The investigation was requested by the state's Office of Parks, Recreation, and Historic Preservation, which found in an audit released last month that the center had been mismanaged.
The attorney general's office is examining the $335,000 salary and $400,000 severance package granted to Herbert Chesbrough, the center's outgoing president, and looking into the possibility that the center illegally did business with companies linked to members of its board, according to the Times. (The center rescinded the severance package last month.)
The audit was launched in February 2004 after SPAC announced that financial problems would prevent it from continuing the New York City Ballet's annual summer residency.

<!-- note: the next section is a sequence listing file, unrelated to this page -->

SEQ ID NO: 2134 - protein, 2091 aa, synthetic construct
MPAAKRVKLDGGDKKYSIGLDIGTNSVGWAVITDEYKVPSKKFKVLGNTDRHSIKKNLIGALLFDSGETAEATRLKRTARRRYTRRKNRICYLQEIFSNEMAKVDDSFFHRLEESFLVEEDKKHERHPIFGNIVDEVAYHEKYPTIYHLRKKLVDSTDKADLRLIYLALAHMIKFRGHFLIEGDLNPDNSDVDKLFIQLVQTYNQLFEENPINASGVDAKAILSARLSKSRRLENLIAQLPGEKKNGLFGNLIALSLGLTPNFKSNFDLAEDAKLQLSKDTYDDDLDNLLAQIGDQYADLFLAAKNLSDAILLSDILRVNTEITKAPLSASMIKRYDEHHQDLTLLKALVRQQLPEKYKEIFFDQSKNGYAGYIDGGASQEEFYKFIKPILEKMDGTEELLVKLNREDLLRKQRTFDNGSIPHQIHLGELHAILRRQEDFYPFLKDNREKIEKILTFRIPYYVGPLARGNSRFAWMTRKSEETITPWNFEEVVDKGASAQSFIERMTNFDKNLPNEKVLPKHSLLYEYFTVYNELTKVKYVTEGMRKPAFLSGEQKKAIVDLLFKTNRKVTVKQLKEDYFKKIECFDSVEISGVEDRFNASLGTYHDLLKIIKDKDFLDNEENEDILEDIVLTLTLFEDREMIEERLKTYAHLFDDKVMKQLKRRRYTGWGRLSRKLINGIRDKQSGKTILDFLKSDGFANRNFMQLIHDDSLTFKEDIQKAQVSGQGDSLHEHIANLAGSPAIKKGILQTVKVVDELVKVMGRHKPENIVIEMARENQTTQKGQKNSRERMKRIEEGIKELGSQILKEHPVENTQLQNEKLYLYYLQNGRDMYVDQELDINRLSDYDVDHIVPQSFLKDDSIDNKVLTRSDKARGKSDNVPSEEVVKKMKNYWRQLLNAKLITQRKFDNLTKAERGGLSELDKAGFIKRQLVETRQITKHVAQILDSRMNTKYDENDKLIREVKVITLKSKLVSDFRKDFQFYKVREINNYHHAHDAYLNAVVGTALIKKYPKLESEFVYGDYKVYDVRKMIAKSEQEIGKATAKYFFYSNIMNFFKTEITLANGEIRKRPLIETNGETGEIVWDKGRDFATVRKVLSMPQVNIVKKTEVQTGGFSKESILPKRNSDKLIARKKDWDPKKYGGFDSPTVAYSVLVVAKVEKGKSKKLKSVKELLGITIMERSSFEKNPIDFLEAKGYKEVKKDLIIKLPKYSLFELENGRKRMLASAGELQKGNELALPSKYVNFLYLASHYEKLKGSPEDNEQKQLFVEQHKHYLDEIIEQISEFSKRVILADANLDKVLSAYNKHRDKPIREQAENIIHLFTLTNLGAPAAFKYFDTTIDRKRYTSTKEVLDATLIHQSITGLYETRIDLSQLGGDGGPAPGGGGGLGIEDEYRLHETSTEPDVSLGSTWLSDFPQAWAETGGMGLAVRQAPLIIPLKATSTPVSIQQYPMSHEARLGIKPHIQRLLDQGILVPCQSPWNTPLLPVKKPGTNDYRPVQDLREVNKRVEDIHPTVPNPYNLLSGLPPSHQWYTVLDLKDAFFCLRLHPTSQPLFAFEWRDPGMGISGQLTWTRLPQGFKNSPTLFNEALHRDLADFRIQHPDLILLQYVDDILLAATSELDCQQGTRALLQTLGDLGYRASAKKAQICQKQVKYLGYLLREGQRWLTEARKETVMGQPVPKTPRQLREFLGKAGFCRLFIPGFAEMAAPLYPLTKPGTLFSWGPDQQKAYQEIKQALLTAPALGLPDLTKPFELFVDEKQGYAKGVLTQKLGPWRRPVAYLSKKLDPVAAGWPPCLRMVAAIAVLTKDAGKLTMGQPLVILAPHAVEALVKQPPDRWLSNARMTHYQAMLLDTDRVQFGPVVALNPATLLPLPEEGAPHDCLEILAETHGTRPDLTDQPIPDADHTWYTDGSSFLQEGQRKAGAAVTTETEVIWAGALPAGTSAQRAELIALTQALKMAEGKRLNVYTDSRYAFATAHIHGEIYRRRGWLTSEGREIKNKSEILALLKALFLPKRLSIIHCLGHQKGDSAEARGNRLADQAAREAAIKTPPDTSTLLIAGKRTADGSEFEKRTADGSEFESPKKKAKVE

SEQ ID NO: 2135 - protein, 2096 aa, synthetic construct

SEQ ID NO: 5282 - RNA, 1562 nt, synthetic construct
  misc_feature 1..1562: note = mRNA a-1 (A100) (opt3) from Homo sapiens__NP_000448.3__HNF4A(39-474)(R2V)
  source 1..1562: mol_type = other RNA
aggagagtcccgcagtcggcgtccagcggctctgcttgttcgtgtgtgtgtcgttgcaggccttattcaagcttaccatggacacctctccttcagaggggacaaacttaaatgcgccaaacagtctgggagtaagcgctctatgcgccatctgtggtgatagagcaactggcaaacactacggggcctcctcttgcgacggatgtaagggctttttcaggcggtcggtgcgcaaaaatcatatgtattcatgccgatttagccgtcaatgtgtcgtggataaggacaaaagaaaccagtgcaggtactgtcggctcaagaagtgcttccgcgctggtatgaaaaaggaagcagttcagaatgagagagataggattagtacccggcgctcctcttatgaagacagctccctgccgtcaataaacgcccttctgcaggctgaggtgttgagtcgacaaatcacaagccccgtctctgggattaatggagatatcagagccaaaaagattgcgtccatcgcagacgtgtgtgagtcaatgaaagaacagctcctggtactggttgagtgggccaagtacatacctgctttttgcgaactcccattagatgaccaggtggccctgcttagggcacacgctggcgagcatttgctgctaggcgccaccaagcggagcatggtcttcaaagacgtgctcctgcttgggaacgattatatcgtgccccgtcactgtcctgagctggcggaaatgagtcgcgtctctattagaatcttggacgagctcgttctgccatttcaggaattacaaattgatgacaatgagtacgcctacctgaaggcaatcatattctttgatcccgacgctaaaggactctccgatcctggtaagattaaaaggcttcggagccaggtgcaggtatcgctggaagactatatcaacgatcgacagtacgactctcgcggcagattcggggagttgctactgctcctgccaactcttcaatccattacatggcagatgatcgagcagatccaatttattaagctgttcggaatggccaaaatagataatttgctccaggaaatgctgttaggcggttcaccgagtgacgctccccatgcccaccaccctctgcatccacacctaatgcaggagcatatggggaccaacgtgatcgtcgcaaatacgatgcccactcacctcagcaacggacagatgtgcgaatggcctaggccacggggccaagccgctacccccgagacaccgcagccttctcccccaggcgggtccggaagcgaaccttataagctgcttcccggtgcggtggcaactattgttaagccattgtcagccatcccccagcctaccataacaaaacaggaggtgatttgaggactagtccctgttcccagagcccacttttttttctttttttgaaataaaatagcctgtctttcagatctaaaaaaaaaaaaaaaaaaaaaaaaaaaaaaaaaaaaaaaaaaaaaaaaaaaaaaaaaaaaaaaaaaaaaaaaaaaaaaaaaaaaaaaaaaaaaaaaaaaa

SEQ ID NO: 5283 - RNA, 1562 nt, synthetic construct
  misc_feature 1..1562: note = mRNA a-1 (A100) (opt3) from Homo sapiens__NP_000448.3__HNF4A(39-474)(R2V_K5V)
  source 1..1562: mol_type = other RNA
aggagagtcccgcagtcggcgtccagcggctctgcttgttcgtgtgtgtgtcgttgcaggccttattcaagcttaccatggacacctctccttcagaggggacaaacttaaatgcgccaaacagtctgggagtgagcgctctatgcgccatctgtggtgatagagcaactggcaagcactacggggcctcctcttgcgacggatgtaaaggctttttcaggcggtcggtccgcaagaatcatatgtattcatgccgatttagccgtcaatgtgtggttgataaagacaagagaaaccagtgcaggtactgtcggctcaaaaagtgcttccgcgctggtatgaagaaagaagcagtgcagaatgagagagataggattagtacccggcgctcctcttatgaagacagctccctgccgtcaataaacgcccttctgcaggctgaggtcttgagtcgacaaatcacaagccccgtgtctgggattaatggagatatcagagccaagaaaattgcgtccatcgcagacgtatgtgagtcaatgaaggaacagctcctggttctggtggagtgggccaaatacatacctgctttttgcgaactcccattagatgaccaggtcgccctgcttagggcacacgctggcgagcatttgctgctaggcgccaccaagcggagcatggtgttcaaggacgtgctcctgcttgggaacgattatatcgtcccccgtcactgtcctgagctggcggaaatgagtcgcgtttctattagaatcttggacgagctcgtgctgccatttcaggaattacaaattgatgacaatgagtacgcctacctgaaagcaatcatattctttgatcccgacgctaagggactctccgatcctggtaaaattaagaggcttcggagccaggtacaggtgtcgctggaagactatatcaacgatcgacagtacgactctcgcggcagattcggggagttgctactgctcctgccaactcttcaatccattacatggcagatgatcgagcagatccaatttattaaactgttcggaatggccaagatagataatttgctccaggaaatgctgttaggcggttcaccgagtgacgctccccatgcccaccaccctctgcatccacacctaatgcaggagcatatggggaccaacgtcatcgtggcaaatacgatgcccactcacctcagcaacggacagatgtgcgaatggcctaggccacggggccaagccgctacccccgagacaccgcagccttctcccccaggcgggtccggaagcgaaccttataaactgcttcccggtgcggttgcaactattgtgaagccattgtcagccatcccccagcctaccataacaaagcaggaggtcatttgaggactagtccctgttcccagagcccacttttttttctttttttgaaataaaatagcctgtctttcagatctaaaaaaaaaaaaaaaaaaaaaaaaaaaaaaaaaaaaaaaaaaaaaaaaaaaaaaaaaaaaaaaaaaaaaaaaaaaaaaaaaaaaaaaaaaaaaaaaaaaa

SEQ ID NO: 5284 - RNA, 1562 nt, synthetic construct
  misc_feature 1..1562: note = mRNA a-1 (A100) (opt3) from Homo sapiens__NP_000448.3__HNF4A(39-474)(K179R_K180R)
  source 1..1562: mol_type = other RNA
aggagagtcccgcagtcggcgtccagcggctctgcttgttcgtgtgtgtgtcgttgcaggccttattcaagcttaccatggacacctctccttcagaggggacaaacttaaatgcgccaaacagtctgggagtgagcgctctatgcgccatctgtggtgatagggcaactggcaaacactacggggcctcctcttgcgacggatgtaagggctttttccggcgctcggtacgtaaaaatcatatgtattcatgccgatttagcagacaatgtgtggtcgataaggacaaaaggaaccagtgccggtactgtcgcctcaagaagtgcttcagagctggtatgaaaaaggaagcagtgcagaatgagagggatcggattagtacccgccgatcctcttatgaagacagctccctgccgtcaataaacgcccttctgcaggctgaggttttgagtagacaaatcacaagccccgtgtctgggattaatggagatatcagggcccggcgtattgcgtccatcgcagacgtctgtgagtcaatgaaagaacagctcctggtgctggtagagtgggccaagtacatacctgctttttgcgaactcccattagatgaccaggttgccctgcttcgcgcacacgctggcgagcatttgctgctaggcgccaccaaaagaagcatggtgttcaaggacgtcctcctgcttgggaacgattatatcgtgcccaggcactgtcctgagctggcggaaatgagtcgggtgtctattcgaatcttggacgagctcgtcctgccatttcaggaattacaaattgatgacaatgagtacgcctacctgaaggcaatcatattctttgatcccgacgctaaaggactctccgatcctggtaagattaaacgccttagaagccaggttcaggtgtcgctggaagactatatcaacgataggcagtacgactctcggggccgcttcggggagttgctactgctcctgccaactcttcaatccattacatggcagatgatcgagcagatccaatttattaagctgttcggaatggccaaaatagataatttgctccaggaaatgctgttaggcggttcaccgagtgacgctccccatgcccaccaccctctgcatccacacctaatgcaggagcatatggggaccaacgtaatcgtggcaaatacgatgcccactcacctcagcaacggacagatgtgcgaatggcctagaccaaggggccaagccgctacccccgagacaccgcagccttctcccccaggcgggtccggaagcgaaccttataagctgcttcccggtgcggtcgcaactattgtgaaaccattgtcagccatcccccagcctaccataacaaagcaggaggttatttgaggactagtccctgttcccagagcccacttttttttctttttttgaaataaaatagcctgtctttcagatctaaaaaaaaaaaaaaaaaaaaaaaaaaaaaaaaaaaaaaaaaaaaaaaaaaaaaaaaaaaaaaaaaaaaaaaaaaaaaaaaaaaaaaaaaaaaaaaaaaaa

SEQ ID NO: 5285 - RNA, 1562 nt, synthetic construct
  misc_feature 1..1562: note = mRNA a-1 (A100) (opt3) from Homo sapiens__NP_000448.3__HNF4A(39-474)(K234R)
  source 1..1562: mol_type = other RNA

Stephen Serlin, the chairman of SPAC's board, said that center's staff looked forward to resolving the controversy and concentrating on the performing arts. "SPAC is bigger and more vibrant than these legal activities," he said.